Is Poland Spring Water from Poland Spring?


A consumer lawsuit accuses Pepsi of falsely promoting Poland Spring Water. The product is marketed as "100% Poland Spring water," but the plaintiff group of 11 say it's really ground water. The company is accused of false advertising and misleading customers, and the plaintiffs seek $50 million in damages.

According to the Food and Drug Administration (FDA), spring water has a specific definition: "Spring water shall be collected only at the spring or through a bore hole tapping the underground formation feeding the spring. There shall be a natural force causing the water to flow to the surface through a natural orifice." Although a Poland Spring did exist in Maine, according to the suit, it dried up almost 50 years ago.

The accusations are an issue of behavioral integrity, as my colleague Tony Simons defines it: doing what you say you will do. In other words, does Nestle Water promise something it doesn't deliver?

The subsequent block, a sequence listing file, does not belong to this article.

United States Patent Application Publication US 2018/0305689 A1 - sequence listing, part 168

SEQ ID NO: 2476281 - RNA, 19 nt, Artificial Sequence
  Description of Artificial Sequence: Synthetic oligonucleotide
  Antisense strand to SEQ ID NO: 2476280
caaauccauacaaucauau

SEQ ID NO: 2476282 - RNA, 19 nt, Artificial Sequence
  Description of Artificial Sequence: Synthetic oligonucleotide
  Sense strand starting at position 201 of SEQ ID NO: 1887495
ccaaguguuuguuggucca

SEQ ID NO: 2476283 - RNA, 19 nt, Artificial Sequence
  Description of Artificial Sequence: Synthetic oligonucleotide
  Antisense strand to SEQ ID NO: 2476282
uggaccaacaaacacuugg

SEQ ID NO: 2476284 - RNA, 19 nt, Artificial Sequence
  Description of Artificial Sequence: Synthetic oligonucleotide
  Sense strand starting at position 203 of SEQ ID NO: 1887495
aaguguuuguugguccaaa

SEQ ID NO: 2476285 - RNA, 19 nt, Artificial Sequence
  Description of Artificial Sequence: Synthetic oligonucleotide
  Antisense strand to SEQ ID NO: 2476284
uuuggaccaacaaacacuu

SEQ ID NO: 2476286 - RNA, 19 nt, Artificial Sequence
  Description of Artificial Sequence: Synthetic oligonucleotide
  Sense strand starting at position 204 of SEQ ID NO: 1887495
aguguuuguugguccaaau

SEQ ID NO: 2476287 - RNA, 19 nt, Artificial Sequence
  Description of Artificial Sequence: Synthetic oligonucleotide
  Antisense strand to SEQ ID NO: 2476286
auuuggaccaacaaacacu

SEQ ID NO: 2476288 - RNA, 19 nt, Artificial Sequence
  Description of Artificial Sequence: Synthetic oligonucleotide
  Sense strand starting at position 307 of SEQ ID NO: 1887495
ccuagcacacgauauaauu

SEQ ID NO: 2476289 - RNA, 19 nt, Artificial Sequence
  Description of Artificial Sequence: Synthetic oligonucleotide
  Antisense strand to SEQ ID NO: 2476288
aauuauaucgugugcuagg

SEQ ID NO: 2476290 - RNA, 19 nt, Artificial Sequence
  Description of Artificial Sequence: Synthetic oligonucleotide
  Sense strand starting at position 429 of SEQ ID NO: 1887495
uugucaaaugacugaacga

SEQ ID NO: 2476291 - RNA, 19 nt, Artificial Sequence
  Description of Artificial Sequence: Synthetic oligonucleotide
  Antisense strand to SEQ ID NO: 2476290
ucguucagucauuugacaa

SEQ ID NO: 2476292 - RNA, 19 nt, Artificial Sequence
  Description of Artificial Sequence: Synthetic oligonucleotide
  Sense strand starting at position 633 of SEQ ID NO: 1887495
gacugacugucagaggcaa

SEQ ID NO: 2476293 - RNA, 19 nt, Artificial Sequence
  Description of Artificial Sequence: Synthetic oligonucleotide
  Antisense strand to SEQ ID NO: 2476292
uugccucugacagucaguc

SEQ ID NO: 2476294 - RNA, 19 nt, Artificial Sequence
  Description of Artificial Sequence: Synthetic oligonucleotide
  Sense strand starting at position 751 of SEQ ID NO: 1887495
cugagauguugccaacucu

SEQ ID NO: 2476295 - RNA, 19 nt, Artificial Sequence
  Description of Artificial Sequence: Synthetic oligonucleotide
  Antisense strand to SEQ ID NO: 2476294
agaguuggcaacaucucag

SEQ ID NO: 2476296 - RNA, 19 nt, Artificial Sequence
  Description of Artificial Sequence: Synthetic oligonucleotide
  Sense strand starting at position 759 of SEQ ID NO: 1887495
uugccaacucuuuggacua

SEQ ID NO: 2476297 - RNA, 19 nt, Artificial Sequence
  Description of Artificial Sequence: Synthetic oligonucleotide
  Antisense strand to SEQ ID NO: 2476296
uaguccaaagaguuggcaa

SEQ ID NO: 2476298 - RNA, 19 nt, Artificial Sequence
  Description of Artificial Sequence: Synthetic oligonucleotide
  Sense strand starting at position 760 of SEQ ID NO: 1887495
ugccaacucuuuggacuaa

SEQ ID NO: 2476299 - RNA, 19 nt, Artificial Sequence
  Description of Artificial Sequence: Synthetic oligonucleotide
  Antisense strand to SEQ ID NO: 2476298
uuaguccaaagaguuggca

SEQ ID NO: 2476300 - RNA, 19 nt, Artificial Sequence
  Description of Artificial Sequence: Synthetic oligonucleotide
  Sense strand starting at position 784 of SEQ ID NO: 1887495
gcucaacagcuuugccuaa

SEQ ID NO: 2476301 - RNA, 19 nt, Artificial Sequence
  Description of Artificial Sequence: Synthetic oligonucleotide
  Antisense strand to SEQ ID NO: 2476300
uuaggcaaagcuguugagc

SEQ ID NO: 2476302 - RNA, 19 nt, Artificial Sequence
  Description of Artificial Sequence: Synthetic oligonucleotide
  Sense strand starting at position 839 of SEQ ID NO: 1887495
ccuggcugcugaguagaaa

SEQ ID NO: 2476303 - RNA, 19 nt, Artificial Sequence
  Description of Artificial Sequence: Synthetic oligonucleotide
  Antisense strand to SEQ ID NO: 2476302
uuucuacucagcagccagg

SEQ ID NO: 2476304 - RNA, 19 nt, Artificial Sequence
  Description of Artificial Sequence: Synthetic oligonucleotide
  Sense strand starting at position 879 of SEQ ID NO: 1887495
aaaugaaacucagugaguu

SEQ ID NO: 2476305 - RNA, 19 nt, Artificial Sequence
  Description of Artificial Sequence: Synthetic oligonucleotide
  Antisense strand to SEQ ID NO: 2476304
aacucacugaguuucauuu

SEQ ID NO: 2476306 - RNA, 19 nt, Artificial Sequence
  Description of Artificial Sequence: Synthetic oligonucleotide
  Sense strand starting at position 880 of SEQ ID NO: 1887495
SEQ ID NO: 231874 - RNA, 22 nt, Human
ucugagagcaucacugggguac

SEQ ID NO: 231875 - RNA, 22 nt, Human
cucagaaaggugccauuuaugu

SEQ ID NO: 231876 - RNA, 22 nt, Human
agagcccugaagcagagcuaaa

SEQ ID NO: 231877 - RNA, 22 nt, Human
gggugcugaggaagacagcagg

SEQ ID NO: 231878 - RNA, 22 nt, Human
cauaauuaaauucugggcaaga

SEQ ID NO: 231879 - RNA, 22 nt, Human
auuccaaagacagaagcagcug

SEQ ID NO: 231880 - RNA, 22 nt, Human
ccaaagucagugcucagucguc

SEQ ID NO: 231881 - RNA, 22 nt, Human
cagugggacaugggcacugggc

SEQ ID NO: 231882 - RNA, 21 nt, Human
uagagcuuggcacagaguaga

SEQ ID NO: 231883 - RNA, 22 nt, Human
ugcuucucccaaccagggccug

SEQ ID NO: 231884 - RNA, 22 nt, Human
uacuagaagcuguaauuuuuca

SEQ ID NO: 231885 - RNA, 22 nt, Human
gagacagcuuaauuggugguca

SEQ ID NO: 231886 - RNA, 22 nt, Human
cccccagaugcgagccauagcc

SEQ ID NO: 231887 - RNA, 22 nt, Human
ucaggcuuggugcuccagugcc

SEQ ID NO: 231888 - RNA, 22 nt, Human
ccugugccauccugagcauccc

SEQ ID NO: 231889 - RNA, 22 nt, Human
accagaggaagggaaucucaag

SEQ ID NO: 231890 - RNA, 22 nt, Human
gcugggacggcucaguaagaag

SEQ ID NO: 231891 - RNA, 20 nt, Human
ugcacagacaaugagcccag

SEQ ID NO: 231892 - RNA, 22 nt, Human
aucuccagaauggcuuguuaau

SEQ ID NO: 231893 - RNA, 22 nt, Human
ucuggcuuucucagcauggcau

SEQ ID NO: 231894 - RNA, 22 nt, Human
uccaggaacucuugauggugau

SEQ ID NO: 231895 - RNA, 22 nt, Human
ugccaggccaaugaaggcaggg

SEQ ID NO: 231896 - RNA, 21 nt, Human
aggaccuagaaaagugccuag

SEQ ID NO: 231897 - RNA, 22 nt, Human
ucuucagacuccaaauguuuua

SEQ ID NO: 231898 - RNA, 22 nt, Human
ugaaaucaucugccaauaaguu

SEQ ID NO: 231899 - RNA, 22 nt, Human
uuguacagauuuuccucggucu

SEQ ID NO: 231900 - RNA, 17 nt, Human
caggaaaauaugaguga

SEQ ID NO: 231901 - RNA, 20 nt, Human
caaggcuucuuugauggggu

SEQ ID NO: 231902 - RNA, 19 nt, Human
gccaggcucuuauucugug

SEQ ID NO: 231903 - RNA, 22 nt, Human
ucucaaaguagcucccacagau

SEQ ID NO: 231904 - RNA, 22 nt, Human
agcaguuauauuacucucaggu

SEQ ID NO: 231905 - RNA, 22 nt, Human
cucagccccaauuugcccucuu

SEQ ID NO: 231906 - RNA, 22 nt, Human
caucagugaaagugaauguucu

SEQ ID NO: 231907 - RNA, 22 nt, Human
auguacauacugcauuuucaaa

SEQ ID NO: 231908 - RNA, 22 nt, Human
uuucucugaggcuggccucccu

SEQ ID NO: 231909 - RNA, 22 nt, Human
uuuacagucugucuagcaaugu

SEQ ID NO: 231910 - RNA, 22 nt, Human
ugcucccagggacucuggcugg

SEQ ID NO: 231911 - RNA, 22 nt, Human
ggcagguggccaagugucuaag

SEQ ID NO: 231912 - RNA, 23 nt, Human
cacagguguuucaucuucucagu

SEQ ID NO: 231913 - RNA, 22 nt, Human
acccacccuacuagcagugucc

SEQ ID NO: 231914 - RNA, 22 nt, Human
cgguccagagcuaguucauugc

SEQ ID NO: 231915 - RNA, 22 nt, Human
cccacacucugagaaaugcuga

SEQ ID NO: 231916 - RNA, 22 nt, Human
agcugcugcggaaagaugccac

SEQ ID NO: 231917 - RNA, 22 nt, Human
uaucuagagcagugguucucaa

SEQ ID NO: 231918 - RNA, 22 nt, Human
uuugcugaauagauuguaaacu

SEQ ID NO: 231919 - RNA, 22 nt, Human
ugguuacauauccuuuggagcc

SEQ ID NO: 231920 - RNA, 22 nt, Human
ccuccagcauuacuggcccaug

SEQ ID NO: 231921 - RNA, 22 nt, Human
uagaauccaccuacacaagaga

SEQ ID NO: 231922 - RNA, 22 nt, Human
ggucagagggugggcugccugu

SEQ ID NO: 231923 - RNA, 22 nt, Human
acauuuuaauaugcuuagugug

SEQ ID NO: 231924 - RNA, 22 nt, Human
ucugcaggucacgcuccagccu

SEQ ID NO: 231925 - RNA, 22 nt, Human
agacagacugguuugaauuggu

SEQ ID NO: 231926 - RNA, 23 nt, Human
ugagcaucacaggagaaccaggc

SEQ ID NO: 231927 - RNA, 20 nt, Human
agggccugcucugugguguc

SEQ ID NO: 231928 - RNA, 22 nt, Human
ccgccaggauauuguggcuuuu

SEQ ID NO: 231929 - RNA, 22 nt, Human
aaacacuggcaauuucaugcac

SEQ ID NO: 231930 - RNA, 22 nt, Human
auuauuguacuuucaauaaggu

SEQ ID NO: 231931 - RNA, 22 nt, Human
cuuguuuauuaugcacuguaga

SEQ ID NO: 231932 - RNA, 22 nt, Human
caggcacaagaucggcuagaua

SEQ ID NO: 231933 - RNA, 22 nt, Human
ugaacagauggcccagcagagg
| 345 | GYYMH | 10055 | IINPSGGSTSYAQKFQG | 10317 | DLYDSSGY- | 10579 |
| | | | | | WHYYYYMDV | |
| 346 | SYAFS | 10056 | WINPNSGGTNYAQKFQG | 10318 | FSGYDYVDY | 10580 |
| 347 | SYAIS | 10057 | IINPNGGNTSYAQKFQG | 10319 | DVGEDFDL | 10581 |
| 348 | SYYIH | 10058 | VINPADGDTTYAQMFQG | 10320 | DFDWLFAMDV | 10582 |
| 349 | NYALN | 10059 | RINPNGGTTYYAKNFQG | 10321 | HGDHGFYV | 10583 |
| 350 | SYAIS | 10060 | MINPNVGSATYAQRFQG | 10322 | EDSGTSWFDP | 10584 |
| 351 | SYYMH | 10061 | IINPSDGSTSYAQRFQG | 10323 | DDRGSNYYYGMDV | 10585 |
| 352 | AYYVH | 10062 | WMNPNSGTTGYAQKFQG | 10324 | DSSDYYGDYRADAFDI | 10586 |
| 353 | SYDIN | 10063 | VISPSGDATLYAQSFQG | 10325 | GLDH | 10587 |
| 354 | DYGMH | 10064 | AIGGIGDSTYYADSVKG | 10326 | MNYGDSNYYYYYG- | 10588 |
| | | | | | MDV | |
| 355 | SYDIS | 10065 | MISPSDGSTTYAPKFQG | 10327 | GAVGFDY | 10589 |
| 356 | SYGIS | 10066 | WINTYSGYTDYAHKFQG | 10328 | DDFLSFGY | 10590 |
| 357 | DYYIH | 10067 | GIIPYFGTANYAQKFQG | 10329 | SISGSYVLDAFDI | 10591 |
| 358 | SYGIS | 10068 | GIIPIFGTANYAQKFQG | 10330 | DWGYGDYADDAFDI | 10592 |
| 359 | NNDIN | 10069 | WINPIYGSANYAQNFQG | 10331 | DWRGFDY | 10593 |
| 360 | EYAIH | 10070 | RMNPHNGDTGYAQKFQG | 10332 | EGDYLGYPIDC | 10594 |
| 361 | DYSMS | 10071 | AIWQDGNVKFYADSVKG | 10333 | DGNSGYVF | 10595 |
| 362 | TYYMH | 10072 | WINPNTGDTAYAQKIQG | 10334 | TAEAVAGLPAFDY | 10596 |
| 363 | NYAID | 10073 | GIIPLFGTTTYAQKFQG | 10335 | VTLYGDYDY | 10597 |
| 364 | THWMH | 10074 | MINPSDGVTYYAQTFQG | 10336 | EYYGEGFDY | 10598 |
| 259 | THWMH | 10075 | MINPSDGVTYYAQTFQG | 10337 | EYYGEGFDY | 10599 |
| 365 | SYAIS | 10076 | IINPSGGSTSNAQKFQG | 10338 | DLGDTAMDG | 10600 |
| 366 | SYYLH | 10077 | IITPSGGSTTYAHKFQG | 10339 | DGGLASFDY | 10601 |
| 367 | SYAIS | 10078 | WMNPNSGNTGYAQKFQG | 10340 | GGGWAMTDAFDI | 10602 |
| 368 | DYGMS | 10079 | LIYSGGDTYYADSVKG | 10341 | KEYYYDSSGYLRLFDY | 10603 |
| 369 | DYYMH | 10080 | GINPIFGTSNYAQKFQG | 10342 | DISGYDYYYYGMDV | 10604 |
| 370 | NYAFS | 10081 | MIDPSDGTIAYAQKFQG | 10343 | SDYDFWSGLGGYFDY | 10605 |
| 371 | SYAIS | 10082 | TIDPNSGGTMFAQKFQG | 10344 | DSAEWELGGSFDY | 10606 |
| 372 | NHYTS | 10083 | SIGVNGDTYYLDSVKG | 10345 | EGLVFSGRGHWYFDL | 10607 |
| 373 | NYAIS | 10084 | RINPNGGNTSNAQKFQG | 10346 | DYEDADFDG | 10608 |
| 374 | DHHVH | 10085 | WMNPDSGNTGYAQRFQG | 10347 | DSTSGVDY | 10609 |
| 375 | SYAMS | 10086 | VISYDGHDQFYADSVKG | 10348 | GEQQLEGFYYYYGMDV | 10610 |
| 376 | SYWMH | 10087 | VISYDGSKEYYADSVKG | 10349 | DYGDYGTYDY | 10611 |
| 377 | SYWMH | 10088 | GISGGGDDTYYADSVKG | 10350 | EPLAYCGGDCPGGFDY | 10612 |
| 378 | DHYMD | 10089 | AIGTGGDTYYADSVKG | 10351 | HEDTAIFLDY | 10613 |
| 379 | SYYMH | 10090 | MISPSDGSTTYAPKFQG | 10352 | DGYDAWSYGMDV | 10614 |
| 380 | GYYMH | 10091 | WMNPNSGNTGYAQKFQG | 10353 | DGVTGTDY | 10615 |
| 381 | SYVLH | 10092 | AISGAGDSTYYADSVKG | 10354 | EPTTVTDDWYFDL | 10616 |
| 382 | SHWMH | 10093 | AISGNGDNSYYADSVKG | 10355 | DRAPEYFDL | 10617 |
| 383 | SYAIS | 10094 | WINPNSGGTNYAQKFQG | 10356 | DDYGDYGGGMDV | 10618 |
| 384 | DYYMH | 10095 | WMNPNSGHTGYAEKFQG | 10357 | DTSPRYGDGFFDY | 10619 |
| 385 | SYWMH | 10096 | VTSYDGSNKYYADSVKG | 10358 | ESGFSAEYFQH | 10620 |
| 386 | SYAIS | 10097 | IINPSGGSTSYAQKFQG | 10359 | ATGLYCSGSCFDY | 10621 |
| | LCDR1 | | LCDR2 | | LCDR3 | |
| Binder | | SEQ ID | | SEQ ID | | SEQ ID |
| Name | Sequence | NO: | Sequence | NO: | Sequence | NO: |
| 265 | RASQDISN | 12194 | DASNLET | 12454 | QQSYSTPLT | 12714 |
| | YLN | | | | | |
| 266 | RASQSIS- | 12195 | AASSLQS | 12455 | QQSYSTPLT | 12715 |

Nestle Waters denies the claims. In response to the suit, the company created an extensive web page with a brief statement, two videos, and an infographic. The statement reads as follows:

For more than 170 years, Poland SpringĀ® has delivered great tasting spring water from Maine to millions of people in the Northeast. The claims made in the lawsuit are without merit and an obvious attempt to manipulate the legal system for personal gain. Poland SpringĀ® is 100% spring water. It meets the U.S. Food and Drug Administration regulations defining spring water, all state regulations governing spring classification for standards of identity, as well as all federal and state regulations governing spring water collection, good manufacturing practices, product quality and labeling. We remain highly confident in our legal position.

They are taking a strong approach to counter the claims, and they accuse the plaintiffs of seeking personal gain. One of the videos, only 30 seconds, demonstrates principles of persuasion: emotional appeal, logical argument, and credibility.


  • What elements of persuasion (pathos, logos, ethos) do you find in the video example? What other communication strategies does Nestle Water use on its web page?

  • Analyze the full infographic from this page. What communication design principles does the infographic illustrate? How could it be improved?

  • Given what little we know so far about the case, what's your view? Do you side more with the plaintiffs or with Nestle Water?